As the summer heat beats upon us, our best game plan is to conserve our energy and spend a bit more time enjoying the garden and a bit less time working. I am not necessarily a morning person, but in midsummer, early morning is my time to weed or do maintenance.
Plan for fall. One of the best things you can do right now? Plan. You may have heard the saying about California natives: “Summer planning, fall planting.” Start making your list of all the plants you would like to purchase this fall. If you have any hard-to-find plants on your list, you can purchase them now if they are available and keep them well-watered in their nursery containers until it is a better time to plant them. Consider some of these stunning natives:
- ‘De La Mina’ Cedros Island verbena (Verbena Iilacina ‘De La Mina’, Zones 7–10)
- ‘Yankee Point’ California lilac (Ceanothus griseus var. horizontalis ‘Yankee Point’, Zones 8–11)
- ‘Concha’ California lilac (Ceanothus ‘Concha’, Zones 7–10)
- Channel Islands tree poppy (Dendromecon harfordii, Zones 9–10)
Order your spring-flowering bulbs. Speaking of planning, it always seems that bulb ordering time sneaks up on me. If that happens to you as well, remember that it is best to refrigerate bulbs eight weeks before planting them. So if you want to plant bulbs in November, you need to get your orders in pronto so that they ship with ample time for refrigeration. Shipping could be a bit delayed right now, so do not delay. Learn about some great fall-planted bulbs for our region here.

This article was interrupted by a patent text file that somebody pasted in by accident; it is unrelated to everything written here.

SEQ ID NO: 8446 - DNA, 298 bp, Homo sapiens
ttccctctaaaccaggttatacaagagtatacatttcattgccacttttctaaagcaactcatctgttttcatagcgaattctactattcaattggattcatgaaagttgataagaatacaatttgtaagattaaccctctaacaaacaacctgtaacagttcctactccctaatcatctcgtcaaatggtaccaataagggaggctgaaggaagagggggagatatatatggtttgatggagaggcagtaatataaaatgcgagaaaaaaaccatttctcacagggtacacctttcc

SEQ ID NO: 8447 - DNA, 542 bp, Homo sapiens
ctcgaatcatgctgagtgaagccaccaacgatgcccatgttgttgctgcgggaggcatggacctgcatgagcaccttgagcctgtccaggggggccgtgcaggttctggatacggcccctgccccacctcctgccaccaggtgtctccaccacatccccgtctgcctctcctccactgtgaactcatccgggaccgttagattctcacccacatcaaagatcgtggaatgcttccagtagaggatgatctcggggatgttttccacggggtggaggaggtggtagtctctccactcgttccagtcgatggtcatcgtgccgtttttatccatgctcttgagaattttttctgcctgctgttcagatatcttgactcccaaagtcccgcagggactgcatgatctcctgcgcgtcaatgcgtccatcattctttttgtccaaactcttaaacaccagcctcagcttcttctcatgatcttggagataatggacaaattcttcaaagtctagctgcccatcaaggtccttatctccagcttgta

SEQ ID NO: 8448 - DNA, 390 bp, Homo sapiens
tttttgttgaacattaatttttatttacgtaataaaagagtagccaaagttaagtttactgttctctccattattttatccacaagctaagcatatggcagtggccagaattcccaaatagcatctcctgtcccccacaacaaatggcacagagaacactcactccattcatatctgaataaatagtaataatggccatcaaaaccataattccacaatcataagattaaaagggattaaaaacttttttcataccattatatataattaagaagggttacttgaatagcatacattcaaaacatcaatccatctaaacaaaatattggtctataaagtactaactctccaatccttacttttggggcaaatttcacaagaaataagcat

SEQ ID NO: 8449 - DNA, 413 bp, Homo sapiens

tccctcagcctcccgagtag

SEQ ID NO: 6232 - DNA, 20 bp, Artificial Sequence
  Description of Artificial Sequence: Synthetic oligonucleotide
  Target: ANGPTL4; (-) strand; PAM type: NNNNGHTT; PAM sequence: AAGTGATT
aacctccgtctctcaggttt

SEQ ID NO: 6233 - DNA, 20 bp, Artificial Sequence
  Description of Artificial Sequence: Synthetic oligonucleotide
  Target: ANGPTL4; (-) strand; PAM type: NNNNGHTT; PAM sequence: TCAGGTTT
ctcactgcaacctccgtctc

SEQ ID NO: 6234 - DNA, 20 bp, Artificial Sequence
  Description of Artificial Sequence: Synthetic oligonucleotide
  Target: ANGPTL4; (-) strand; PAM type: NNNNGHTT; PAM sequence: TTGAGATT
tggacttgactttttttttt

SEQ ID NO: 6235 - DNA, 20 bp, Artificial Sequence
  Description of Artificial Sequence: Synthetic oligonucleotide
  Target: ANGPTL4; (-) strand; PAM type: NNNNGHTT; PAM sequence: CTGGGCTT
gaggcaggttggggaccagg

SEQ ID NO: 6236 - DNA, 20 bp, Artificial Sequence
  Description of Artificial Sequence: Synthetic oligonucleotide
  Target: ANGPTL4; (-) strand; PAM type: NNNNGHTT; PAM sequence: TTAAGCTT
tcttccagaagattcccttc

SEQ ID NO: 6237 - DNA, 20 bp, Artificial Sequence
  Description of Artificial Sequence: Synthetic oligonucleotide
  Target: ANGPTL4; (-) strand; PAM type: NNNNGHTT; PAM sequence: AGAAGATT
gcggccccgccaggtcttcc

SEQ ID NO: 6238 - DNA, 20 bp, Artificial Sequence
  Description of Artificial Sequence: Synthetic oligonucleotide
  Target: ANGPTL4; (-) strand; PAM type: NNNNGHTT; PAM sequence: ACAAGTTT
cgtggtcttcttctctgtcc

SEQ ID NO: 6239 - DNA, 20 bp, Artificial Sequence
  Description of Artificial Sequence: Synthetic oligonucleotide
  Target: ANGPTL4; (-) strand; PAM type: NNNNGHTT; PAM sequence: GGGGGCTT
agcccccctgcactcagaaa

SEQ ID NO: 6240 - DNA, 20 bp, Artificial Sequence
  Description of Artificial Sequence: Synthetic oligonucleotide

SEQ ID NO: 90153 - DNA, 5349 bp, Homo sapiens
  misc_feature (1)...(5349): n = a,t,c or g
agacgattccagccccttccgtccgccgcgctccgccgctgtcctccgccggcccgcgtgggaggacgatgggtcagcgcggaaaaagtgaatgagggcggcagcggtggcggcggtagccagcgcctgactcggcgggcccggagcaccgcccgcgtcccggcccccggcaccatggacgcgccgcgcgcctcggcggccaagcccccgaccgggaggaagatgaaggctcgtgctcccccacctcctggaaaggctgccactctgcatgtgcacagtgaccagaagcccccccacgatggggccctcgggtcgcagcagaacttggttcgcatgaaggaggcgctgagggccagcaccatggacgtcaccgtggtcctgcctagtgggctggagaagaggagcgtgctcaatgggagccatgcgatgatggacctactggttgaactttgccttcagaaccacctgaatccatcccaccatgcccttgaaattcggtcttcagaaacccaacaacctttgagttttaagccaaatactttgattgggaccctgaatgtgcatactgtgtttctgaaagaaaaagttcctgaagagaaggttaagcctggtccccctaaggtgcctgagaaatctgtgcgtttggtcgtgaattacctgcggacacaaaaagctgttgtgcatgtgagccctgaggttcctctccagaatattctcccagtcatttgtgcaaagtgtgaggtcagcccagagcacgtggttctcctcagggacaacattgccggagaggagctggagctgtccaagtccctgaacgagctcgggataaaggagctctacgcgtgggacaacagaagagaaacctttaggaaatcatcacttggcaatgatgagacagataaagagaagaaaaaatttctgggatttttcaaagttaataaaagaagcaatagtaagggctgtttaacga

Water deeply. Keep an eye on the forecast, and if you see a heat wave coming, water beforehand and water deeply. In our gardens, even the most drought-tolerant plants appreciate some water every few weeks. A few exceptions to this are California flannelbush (Fremontodendron spp. and cvs., Zones 6–10), woolly blue curls (Trichostema lanatum, Zones 8–10), and most native bulbs. These plants do not want any extra summer water, and you will do them more harm than good by thinking otherwise.
Care for container plants. If your pots are not overly large and heavy, consider relocating some to keep them from getting too much direct sun. Succulents, especially, appreciate some shade. Potted plants need to be kept watered much more often in this heat. However, it is mosquito season, so be diligent about not allowing water to collect in saucers. I prefer to keep my pots on feet rather than on top of saucers for just this reason.
Catch up on your reading. What better activity on a hot day than to curl up in a shady spot with a good book? I recently had the good fortune to watch a webinar by Lisa Parramore, APLD, in which she was discussing Living with Japanese Gardens, which she wrote with Chadine Flood Gong. Just the mere thought of a Japanese garden evokes feelings of cool and calm. A Japanese-themed garden can be recreated anywhere, as it is more important to focus on principles than on exact species of plants. If it is not possible to travel to Japan right now, this can be your next best thing. Learn more about elements of Japanese gardens here.
—Francesca Corra, APLD, is a nationally certified landscape designer and owner of Dirt Diva Designs in Studio City, California.